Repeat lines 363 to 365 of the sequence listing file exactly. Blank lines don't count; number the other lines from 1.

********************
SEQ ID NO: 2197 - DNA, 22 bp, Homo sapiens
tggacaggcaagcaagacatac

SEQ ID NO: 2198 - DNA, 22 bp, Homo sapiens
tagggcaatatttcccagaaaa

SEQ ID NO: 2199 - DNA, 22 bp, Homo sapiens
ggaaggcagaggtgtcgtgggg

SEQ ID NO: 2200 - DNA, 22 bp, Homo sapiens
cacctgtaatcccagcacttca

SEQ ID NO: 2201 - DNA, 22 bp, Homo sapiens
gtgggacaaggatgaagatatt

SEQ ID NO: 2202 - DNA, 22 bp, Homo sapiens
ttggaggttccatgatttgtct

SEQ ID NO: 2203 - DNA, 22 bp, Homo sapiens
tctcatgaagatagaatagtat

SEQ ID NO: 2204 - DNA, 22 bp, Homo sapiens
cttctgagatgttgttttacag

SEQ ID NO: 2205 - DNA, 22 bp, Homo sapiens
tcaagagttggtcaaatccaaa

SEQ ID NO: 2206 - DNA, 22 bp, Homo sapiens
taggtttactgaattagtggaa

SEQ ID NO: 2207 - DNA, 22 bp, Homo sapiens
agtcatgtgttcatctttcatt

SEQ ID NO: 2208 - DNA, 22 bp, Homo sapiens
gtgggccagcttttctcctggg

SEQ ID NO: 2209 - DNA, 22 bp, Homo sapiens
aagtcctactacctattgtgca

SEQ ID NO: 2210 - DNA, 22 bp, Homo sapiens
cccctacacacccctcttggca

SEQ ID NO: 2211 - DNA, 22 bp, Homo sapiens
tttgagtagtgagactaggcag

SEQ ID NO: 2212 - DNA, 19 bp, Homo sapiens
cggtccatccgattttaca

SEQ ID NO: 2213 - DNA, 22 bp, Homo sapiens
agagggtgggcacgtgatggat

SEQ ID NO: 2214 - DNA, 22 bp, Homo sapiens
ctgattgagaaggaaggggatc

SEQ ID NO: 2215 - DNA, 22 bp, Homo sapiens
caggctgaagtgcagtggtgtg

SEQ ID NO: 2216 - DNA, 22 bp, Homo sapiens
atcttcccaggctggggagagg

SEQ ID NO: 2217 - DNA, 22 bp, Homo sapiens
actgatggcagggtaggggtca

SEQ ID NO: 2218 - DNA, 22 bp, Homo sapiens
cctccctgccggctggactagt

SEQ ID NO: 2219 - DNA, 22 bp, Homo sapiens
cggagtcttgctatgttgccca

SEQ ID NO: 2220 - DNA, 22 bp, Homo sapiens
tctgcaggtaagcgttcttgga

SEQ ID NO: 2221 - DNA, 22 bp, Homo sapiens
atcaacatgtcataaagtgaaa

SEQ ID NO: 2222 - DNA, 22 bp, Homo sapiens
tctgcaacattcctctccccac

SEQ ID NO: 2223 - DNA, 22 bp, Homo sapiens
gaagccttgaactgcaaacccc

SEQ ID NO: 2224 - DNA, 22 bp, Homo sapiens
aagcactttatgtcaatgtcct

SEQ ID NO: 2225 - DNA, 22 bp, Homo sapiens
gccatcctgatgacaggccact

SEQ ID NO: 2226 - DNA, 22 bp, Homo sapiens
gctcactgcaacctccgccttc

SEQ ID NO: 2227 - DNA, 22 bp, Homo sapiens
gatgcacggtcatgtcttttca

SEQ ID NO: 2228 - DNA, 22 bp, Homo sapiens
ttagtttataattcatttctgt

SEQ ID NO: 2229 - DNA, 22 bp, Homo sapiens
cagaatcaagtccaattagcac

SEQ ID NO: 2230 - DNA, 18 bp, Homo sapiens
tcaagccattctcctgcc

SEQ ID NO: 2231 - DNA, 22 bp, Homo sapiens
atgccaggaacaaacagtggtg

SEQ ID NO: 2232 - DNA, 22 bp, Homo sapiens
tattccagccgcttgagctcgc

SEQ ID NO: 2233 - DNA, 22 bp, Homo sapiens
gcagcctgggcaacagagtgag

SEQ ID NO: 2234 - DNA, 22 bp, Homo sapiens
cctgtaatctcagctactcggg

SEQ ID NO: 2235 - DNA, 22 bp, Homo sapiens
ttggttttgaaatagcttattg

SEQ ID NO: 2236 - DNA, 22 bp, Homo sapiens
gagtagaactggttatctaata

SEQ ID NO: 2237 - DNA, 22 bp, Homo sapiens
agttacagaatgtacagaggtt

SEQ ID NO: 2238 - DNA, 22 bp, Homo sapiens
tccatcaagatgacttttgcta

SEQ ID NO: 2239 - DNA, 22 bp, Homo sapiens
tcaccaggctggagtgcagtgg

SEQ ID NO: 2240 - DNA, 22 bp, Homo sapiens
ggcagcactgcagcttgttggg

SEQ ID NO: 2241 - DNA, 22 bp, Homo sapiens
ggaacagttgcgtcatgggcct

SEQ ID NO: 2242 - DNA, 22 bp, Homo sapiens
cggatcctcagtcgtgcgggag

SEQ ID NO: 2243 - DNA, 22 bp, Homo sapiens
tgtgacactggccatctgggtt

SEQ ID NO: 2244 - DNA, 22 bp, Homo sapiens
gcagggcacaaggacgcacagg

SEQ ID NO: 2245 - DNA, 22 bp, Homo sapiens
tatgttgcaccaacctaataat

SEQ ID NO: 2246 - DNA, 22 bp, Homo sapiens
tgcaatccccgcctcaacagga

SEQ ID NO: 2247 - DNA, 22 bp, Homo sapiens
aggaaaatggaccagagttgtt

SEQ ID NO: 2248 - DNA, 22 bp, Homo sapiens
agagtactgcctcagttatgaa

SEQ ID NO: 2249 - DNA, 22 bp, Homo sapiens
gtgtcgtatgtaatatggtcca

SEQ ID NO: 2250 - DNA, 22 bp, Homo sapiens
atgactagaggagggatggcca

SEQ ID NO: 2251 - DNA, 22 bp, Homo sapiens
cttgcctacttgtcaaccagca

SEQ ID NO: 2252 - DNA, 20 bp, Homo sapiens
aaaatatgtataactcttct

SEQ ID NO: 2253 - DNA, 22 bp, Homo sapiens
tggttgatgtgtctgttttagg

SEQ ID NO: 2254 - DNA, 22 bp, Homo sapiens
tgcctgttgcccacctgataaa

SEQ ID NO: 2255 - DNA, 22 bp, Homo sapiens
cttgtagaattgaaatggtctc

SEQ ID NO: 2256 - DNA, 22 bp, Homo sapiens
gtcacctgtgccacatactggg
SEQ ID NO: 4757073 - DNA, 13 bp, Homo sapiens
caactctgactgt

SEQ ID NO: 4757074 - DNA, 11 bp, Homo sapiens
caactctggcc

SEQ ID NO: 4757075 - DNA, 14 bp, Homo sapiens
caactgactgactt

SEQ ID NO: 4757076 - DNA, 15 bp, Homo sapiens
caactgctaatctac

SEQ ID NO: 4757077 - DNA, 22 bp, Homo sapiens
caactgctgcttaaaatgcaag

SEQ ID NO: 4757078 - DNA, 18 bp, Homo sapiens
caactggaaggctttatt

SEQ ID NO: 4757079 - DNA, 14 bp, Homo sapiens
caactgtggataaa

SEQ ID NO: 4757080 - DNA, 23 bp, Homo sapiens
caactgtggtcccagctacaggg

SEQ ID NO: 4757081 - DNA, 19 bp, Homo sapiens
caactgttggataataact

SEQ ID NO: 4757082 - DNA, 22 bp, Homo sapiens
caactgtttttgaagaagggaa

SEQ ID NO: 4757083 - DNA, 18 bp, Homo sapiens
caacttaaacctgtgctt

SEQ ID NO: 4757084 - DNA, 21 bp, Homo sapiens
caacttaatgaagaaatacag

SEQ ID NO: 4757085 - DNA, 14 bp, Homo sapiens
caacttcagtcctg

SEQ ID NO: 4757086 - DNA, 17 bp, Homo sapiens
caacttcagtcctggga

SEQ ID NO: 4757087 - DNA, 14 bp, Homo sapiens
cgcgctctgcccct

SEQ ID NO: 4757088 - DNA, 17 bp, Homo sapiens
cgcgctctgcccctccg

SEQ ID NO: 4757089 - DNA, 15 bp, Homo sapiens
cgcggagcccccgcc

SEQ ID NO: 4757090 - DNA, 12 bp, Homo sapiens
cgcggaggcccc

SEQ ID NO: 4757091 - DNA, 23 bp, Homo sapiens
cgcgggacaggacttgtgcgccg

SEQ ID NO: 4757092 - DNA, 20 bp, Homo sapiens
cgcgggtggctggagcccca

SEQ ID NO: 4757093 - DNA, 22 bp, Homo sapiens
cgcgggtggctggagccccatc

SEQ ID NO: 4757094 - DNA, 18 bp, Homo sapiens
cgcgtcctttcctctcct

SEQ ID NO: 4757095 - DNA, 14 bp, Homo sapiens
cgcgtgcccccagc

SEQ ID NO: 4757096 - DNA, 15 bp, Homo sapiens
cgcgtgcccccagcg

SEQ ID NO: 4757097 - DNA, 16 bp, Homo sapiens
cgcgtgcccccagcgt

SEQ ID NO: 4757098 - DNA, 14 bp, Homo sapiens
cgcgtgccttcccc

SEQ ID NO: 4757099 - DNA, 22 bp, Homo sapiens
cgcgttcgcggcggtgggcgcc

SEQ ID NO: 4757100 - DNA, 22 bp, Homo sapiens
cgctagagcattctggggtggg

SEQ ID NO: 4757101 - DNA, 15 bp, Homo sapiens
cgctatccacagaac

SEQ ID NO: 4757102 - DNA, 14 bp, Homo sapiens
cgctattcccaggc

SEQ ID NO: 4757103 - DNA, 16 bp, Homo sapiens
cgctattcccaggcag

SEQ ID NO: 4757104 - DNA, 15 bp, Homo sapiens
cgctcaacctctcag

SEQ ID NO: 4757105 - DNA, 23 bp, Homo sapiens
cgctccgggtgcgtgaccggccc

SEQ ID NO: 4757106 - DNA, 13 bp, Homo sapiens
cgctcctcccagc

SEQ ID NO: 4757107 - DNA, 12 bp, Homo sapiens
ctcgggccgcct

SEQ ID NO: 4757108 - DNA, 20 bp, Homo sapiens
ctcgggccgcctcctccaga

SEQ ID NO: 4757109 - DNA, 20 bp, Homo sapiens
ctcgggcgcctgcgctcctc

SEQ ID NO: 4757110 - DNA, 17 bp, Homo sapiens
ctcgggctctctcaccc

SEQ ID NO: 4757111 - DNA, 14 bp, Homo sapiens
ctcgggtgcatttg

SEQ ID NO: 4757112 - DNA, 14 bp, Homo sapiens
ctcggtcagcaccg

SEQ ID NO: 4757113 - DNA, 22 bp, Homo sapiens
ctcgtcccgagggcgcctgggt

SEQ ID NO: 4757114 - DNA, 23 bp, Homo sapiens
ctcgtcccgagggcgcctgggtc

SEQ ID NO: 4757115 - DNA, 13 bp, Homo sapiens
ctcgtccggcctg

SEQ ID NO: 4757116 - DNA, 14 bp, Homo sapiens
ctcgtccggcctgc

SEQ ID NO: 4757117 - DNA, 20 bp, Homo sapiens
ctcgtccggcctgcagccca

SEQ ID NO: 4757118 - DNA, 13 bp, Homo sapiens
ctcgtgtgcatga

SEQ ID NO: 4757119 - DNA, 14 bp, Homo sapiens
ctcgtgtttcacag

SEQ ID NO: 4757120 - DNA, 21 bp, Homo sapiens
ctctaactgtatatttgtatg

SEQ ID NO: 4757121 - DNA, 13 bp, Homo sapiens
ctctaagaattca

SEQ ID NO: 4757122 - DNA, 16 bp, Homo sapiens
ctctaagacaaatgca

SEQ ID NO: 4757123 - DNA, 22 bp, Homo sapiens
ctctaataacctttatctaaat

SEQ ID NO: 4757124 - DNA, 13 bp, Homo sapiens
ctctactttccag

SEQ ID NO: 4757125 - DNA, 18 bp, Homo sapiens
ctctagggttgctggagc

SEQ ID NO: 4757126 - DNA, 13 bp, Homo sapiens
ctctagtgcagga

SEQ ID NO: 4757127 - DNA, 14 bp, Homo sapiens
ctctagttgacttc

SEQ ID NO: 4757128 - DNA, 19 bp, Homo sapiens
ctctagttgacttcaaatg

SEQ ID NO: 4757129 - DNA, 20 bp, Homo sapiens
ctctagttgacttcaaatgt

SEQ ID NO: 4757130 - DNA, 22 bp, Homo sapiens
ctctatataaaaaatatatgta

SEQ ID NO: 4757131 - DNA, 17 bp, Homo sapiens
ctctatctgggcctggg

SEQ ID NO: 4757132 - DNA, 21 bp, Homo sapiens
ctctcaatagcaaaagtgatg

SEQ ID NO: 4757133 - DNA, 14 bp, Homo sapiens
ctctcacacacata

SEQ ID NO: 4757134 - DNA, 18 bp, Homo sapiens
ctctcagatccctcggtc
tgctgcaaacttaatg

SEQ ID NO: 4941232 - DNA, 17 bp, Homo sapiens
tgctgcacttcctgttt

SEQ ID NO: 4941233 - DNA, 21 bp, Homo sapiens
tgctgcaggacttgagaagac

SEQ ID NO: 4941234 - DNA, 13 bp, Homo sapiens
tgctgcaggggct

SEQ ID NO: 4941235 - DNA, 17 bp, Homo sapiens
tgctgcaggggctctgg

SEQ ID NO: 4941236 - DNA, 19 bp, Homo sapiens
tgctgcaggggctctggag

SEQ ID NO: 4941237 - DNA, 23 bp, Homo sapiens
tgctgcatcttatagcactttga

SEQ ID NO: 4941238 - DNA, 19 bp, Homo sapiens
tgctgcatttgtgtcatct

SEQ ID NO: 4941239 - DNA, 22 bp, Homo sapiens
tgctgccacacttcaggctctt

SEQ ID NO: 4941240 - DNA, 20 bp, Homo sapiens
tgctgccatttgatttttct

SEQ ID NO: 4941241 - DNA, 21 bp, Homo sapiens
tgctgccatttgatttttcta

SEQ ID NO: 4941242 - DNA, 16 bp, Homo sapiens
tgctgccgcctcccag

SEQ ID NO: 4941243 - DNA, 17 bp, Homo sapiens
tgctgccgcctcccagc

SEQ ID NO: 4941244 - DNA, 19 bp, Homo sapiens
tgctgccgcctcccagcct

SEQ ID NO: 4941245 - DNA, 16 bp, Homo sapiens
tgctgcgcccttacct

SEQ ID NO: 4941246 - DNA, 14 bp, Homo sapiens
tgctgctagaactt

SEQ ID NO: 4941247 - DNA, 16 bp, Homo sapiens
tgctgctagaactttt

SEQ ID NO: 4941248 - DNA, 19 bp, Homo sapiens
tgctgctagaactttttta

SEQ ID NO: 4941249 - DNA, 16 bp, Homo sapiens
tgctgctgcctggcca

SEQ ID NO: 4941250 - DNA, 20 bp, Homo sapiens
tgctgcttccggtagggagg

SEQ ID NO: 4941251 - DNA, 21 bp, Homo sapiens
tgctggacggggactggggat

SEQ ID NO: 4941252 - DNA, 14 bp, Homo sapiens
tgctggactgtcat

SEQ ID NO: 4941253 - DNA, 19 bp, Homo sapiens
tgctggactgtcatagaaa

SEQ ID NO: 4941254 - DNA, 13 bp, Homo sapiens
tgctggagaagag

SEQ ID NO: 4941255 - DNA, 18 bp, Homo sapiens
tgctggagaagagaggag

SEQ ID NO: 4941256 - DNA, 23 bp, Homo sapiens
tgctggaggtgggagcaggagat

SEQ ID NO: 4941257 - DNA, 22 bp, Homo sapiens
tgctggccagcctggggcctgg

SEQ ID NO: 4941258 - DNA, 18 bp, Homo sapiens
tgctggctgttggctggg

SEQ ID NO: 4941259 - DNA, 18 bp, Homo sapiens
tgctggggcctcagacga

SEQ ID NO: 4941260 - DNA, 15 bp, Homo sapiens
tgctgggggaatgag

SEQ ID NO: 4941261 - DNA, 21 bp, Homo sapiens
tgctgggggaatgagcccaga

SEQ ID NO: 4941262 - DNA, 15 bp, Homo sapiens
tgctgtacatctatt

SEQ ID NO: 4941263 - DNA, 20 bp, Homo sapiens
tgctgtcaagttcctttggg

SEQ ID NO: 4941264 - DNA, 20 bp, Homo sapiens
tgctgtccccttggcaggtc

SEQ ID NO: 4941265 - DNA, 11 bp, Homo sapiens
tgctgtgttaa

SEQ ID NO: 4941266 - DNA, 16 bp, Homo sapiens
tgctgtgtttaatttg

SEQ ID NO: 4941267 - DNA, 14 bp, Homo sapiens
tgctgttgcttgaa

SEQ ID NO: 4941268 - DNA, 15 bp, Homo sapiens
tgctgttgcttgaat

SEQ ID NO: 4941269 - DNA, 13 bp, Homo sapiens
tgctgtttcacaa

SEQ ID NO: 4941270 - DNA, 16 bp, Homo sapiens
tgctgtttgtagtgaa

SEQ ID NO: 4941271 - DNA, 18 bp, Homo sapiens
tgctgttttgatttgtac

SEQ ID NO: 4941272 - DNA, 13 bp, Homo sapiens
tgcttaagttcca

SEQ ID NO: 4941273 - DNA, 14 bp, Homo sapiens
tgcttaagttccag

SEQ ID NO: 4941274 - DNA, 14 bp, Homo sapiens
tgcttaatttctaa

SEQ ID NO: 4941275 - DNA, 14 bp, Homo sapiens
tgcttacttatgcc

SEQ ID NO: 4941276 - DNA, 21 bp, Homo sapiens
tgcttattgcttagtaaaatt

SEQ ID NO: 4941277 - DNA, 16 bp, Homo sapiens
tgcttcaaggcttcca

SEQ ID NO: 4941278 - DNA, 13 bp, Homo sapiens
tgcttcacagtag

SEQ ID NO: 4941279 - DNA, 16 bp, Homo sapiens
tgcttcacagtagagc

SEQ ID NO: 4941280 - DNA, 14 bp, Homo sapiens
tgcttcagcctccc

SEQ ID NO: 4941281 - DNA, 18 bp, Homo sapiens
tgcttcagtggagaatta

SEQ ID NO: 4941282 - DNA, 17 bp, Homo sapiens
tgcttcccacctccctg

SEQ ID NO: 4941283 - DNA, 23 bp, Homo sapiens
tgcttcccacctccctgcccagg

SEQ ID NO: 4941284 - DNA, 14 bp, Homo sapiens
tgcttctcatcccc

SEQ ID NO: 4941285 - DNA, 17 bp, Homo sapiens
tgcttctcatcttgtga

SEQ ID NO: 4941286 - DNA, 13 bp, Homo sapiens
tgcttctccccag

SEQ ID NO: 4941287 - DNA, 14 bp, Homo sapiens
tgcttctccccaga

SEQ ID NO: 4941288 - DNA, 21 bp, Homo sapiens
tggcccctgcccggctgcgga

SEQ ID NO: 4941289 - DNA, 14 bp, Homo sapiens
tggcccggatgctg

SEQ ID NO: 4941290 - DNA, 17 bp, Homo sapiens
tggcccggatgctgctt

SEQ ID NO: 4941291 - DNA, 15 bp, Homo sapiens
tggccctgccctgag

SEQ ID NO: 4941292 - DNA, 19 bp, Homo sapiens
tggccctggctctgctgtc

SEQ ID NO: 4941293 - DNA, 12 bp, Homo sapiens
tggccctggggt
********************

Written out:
tggcccggatgctgctt

SEQ ID NO: 4941291 - DNA, 15 bp, Homo sapiens
tggccctgccctgag